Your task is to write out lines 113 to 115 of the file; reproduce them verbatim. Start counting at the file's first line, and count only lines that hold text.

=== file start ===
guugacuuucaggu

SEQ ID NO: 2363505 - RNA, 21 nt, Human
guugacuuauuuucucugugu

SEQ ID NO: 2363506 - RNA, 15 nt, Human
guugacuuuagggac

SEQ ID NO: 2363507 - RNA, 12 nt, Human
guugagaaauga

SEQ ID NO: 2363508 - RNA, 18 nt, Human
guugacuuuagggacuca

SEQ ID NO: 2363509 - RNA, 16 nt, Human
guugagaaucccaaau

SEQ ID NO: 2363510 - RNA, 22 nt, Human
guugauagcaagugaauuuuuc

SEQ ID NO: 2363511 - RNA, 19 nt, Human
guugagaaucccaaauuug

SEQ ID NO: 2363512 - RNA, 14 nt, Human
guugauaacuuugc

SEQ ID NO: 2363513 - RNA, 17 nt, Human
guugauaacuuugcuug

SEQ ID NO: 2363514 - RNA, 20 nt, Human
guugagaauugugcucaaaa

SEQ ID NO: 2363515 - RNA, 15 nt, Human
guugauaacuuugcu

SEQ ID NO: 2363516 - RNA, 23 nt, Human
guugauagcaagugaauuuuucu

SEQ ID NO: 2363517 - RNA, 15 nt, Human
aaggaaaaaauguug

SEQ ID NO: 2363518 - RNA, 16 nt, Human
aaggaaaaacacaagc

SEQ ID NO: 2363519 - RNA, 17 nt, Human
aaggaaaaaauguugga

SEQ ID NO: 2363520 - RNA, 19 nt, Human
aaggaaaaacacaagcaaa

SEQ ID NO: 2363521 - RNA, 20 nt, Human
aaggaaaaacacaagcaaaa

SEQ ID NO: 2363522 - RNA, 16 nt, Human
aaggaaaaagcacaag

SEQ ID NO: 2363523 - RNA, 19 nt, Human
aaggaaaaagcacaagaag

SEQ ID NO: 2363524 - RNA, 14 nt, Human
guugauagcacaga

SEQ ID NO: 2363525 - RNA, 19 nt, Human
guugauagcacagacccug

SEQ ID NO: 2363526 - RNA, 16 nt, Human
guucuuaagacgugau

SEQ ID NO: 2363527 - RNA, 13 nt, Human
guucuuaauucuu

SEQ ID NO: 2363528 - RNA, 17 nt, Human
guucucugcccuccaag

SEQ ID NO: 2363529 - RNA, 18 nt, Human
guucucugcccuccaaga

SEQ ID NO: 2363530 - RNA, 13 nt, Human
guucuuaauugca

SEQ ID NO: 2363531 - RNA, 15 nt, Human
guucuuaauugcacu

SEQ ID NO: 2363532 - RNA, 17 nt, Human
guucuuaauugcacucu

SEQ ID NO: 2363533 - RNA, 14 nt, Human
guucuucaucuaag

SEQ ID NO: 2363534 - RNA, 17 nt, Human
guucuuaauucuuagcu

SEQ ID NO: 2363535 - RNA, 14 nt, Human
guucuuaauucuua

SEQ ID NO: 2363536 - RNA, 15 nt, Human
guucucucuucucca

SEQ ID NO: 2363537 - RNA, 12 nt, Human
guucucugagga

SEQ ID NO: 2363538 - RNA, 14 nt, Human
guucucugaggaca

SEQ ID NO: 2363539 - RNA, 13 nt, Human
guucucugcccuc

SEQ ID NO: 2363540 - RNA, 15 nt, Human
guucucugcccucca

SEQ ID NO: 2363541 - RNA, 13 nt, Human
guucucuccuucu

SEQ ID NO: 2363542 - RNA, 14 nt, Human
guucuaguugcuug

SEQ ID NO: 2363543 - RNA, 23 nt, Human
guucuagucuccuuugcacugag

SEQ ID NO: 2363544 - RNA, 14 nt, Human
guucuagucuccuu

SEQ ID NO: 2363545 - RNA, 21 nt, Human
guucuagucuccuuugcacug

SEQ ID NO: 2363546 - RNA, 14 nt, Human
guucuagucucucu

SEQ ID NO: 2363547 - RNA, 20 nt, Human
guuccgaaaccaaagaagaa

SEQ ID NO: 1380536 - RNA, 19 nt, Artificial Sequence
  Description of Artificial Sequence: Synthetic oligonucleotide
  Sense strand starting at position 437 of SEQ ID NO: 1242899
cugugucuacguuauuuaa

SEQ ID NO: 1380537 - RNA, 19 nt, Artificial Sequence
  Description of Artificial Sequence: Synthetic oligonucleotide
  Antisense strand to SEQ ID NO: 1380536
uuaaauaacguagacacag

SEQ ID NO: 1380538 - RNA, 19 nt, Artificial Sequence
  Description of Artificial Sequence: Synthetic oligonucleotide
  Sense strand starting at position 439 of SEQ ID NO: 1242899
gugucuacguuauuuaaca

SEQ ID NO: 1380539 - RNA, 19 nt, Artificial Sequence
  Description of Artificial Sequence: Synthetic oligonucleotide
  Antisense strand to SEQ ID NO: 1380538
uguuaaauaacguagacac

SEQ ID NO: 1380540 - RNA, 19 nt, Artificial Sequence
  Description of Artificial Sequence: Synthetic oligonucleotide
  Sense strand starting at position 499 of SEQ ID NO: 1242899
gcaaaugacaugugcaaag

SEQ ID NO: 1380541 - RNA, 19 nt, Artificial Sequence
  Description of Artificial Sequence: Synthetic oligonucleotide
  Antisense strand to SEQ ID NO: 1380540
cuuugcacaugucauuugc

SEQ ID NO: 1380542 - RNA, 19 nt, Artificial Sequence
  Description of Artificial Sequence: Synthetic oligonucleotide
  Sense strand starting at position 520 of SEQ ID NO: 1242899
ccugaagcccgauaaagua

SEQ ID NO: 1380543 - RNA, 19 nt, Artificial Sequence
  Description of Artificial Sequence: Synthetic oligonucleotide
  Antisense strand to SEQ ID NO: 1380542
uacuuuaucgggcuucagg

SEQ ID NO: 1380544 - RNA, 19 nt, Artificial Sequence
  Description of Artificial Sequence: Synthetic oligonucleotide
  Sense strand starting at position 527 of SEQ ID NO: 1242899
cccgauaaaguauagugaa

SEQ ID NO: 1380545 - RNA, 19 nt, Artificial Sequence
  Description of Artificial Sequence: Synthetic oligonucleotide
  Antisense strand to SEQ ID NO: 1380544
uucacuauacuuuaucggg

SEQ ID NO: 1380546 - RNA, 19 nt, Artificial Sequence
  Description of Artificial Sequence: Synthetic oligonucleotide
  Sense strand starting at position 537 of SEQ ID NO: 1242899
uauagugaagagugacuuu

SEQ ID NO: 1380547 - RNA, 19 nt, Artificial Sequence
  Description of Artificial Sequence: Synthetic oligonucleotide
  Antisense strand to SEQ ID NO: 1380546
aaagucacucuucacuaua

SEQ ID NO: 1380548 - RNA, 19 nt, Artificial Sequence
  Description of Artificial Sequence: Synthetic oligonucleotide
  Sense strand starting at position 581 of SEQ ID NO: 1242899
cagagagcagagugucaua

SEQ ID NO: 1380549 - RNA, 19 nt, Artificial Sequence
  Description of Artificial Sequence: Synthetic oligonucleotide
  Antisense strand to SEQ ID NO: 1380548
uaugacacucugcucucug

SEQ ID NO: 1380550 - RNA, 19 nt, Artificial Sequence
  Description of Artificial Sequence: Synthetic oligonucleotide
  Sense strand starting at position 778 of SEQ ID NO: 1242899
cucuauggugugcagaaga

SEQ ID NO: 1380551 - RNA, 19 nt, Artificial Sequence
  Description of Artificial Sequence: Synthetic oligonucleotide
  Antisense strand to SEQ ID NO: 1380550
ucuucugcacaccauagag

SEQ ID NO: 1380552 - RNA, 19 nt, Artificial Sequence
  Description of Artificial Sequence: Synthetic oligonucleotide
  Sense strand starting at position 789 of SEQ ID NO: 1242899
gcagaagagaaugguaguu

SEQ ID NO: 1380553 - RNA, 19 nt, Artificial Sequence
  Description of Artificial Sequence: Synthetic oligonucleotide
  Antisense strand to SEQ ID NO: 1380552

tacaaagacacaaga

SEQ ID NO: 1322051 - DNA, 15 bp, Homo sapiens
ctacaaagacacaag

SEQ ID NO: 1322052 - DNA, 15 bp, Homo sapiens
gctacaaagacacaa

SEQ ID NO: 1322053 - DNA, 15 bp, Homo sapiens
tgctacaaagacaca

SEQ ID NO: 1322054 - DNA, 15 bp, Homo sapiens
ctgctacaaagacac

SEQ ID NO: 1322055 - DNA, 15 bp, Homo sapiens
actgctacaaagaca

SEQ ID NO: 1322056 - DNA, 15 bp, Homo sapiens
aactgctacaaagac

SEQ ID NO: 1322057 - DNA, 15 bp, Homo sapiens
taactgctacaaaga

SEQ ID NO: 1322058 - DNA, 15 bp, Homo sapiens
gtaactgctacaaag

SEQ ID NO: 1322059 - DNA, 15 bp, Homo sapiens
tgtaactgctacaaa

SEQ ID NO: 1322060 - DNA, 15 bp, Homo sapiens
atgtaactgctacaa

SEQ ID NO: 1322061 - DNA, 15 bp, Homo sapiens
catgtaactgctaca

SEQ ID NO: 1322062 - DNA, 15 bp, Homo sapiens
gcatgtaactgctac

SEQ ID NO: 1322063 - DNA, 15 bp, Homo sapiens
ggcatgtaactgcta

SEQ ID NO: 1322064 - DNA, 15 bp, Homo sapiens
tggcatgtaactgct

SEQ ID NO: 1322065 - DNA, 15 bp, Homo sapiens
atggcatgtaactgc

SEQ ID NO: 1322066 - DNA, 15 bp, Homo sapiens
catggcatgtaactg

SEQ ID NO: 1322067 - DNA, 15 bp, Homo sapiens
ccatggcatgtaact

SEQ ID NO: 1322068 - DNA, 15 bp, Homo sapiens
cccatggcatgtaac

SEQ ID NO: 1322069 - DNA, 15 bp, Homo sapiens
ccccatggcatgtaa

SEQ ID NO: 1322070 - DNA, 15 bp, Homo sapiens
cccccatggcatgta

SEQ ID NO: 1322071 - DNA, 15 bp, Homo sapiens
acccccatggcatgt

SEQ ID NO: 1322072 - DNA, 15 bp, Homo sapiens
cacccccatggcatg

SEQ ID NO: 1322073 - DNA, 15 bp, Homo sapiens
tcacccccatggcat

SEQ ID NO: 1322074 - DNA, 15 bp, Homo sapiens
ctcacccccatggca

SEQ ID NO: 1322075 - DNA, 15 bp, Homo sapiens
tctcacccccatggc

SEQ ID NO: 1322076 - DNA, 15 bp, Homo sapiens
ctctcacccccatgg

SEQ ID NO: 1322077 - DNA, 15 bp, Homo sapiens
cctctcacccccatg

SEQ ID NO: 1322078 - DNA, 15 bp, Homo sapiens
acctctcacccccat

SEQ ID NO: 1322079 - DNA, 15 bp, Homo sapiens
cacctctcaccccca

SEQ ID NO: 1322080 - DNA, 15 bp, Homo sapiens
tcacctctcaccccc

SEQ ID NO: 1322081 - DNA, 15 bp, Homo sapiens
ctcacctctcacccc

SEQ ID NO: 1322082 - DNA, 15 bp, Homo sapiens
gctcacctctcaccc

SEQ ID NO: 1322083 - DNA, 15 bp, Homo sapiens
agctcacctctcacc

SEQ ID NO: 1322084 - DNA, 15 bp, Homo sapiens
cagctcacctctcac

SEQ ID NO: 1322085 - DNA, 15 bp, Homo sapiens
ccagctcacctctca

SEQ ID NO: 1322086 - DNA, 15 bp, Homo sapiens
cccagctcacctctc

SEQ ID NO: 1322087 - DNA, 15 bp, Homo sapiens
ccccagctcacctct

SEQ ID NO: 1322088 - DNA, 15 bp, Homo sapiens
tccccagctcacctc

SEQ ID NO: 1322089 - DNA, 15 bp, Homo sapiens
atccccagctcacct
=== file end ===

  Description of Artificial Sequence: Synthetic oligonucleotide
  Sense strand starting at position 520 of SEQ ID NO: 1242899
ccugaagcccgauaaagua